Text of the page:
Jerusalem Artichokes: did great in new location, less mildew & aphids – reduce space next year?
Potatoes: decent harvest on all types, no loss of plants, some scab on purple variety (look into causes)
Radishes: both varieties (early and late crops) did well
Sweet Potatoes: all slips did well (from our tubers), simple planting in rows also worked – very good, do again
Turnips (cooking): did well, but some seed dried out – try covering seed with shade cloth?
Turnips (salad): spring & fall crops did well – plant more carefully & thin better next year

2016 Squash family (end of season notes)

2016 squash image

General: grow winter squashes in rows next year; groups of 3 harder to check for borers, try interspersing with other crops in perimeter beds to reduce spread of diseases
Butternut squash:  our most productive variety, did well relative to other squashes
Cucumbers: both types better w/mildew, but hit hard with bacterial wilt, volunteer plant in pepper bed held out the longest – try 2 plantings & early varieties?
Delicata squash: tasty variety, but only 1 squash per plant
Pumpkins:  bad borer (borers hid inside stems) and mildew damage, best variety so far (bush type, grow on ground)
Watermelons: good year, volunteer plant also produced
Yellow Summer squash: less robust than zucchini, destroyed by borers early – try second planting? Try cousa type?

Proposal for fence & accessibility improvements

In the fall of 2015, we prepared a proposal to replace the fence and improve the accessibility of the garden. The proposal was developed with guidance from the Town's ADA Self-Evaluation Report on Arlington's public parks and open spaces (prepared by the Institute for Human Centered Design for Arlington's Recreation Department and Park and Recreation Commission).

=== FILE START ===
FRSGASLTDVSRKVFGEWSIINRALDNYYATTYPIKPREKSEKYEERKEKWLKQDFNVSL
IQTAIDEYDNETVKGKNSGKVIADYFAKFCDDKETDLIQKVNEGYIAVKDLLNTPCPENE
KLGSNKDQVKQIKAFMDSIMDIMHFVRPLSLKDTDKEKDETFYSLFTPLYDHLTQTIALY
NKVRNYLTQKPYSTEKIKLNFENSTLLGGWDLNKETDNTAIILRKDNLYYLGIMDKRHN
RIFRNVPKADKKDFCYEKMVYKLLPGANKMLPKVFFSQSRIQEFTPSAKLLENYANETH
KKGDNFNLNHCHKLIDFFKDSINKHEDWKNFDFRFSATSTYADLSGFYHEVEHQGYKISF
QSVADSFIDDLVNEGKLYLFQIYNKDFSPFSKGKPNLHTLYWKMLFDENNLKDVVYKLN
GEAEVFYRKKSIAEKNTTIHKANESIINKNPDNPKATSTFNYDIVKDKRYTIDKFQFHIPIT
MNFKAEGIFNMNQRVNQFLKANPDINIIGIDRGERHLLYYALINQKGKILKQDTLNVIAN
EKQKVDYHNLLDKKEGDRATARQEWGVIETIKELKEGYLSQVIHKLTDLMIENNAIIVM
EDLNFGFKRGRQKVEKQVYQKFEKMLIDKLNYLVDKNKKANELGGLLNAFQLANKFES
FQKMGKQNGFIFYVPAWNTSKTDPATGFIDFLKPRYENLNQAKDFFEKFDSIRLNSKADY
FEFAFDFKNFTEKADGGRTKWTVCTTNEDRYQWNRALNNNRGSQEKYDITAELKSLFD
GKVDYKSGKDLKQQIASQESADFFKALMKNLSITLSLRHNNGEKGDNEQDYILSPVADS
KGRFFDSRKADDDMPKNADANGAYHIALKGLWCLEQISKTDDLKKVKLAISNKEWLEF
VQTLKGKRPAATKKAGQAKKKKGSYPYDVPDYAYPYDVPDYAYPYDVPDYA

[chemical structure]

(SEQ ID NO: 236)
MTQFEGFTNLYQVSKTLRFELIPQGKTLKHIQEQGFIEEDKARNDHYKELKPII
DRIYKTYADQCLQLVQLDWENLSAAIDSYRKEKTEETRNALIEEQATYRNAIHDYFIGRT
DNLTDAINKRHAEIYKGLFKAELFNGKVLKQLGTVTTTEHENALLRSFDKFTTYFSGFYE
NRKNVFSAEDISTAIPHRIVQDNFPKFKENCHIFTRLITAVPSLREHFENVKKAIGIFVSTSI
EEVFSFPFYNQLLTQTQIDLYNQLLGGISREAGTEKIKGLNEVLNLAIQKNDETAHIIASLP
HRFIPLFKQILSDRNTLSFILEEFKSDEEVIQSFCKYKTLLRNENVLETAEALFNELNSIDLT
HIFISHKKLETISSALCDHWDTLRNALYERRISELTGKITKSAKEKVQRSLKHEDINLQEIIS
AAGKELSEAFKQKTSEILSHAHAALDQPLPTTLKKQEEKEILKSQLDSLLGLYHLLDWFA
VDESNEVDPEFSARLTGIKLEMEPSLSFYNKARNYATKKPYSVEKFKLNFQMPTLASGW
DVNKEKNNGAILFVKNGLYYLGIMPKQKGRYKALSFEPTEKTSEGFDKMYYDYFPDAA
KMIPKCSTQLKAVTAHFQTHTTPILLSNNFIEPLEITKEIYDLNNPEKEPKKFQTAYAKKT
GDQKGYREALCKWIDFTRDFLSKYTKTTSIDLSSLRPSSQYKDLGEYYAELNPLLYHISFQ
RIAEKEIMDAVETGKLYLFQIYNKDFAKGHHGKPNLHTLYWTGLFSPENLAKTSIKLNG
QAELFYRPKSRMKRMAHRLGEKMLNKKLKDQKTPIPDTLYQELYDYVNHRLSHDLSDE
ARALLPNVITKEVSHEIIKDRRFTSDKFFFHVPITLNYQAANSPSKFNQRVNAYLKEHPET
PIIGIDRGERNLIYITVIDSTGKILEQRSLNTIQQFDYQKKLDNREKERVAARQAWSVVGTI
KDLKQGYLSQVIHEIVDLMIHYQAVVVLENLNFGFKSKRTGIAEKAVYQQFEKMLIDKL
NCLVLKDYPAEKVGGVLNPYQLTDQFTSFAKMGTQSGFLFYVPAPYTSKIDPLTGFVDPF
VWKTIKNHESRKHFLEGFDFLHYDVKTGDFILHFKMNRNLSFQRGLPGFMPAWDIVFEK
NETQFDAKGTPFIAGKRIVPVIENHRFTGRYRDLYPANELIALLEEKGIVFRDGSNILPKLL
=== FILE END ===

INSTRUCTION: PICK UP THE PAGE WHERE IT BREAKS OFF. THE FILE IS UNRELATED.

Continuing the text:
Our proposal was presented to the Park and Recreation Commission and the Friends of Robbins Farm Park Board in October 2015. The proposal was subsequently included as part of the Robbins Farm Park Field and ADA Renovation Project in the Community Preservation Committee's 2016 Funding Application, approved at the 2016 Town Meeting.

Engineering consultants hired by the Town for the Park Renovation Project are currently developing plans through a series of public meetings. It's our understanding that our garden proposal will be the subject of a separate review of as part of this public process. We hope to begin the work in 2017.

Our Proposal submitted in October 2015 (pdf)
Options submitted with proposal (pdf)

 

Brussels Sprouts Varieties

We planted two varieties of brussels sprouts this season: Churchill left-over from last season and a new variety Octia which we selected, in part based on a review of brussels sprouts from UNH cooperative extension. As recommended by that review, we topped both varieties to encourage a higher yield.